The first biosimilar of Biogen’s Tysabri (natalizumab) is set to hit the market with approval from the US Food and Drug Administration (FDA).

Sandoz’s Tyruko has been approved for all multiple sclerosis (MS) settings where Tysabri is currently used, including relapsing-remitting MS, clinically isolated syndrome (CIS), and active secondary progressive disease, in addition to Crohn’s disease.

Biosimilar sales have generated a record profit for Sandoz, with the company reporting $2.4bn in sales in Q2 2023. Sandoz has previously announced plans to launch four high-profile biosimilars in the next few years to further expand its biosimilar portfolio as it breaks free from its parent company Novartis by the end of 2023.

Tysabri is an anti-α4 integrin monoclonal antibody disease-modifying therapy (DMT), which was first approved by the FDA in 2004. Biogen reported sales of $1.2bn in sales from MS therapies, including $483.1m with Tysabri, in Q2 2023.

The MS market is primed for growth, generating $29.8bn by 2030 in the seven major markets (US, France, Germany, Italy, Spain, UK, Japan), as per GlobalData estimates. Roche’s Ocrevus (ocrelizumab) and Novartis’ Kesimpta (ofatumumab) are expected to be market leaders in the space.

GlobalData is the parent company of Pharmaceutical Technology.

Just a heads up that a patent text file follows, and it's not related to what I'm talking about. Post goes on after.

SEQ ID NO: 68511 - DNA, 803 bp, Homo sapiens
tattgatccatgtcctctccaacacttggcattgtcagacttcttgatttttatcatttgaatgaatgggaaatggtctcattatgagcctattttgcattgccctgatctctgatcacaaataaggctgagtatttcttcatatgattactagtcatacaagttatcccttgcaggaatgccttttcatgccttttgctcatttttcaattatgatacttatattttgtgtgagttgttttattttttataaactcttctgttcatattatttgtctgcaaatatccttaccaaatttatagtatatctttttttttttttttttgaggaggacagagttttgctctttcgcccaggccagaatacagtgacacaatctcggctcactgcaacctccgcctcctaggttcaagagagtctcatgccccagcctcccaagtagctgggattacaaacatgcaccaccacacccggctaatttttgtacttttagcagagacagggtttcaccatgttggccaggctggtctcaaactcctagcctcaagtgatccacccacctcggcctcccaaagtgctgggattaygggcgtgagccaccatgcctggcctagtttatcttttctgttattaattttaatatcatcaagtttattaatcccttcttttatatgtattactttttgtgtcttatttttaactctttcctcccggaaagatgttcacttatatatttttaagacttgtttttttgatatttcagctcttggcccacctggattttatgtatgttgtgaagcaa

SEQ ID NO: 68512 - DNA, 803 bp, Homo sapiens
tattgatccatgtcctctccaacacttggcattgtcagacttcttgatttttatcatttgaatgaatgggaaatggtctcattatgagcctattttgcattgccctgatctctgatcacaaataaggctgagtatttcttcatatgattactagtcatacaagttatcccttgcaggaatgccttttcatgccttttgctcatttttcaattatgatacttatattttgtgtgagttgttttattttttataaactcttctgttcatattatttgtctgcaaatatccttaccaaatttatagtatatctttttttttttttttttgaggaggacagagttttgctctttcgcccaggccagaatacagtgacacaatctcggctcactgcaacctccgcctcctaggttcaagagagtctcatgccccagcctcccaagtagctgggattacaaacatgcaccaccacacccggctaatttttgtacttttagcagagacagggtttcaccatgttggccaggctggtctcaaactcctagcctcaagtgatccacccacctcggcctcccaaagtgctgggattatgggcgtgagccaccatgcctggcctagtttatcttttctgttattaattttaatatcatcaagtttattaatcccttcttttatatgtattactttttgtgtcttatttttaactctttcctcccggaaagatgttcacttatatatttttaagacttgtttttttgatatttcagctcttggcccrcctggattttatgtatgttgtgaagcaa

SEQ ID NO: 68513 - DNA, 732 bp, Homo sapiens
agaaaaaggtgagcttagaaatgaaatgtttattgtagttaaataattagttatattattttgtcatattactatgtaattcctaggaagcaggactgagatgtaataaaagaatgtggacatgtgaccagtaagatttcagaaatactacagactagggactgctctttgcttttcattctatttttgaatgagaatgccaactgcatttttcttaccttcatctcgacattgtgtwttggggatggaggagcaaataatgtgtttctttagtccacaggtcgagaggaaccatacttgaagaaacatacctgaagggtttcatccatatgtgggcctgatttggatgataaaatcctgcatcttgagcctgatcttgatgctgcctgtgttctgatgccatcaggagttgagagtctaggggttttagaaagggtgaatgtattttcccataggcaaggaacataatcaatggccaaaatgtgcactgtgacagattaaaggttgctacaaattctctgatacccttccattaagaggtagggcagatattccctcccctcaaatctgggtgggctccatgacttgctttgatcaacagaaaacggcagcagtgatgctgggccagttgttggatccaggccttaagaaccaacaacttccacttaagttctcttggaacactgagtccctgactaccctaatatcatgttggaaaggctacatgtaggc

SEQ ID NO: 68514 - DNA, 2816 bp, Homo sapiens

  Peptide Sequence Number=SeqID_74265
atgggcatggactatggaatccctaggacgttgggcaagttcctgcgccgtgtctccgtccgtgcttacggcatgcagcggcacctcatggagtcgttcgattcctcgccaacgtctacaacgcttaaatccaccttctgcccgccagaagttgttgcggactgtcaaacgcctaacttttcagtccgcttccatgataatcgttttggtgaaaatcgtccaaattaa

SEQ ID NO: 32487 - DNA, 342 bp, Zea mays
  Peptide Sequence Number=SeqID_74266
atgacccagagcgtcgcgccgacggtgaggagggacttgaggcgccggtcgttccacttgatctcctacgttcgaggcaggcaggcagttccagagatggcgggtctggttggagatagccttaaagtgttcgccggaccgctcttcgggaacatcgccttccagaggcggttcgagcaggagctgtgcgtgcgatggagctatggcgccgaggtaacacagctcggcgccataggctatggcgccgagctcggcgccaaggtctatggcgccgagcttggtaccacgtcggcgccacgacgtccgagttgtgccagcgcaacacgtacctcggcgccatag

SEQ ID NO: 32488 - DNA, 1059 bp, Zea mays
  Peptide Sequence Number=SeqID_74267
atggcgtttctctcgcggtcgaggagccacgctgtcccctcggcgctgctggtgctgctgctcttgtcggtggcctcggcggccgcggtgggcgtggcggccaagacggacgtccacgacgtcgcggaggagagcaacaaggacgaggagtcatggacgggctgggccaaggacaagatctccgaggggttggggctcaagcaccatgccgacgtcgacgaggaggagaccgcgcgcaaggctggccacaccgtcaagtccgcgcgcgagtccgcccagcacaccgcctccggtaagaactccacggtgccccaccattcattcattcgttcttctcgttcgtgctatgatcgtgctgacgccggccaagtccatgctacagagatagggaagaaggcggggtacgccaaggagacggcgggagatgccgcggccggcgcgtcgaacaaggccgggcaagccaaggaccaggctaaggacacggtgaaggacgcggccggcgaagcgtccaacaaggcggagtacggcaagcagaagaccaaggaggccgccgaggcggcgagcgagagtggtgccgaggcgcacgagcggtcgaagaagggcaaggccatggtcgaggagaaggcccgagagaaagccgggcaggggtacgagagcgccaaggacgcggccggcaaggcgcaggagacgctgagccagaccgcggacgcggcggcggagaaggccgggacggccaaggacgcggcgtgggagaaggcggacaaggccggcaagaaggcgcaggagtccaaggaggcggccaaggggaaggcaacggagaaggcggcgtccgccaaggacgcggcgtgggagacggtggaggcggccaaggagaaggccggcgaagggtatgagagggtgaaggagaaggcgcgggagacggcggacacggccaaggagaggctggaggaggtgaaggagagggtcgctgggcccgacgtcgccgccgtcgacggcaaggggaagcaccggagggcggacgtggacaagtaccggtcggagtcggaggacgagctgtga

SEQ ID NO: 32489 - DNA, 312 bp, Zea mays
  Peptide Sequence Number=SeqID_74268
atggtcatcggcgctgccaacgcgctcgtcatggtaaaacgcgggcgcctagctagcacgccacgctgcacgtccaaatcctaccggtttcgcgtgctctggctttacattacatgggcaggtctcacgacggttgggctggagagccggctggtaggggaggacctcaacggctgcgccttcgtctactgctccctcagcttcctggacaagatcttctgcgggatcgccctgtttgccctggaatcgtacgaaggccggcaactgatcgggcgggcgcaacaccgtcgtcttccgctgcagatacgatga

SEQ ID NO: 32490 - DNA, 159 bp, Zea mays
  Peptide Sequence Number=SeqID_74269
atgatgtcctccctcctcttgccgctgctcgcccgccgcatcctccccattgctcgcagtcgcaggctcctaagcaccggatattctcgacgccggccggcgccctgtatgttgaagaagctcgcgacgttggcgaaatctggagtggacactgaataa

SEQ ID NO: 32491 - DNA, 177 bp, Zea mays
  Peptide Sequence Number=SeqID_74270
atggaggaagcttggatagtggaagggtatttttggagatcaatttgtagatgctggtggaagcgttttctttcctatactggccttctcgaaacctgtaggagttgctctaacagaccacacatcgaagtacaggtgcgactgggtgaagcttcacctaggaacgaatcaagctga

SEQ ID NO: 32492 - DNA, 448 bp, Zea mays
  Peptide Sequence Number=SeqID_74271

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The FDA approval was based on Phase I/Phase III trial (NCT04115488) data, showing non-inferiority to Tysabri. Sandoz has also filed for Tyruko’s approval in Europe, with the European Medicines Agency (EMA) Committee for Medicinal Products for Human Use (CHMP) already providing a positive opinion for EU approval.

Tyruko was originally developed by Polpharma Biologics, with Sandoz acquiring the exclusive global commercialisation rights from the former in 2019. As per the agreement, Polpharma is responsible for the development, manufacturing, and supply of the drug, whilst Sandoz bears responsibility for distribution and commercialisation.

The dosing frequency and administration for Tyruko is the same as Tysabri, with 300mg of the drug injected intravenously every four weeks, with each infusion lasting an hour.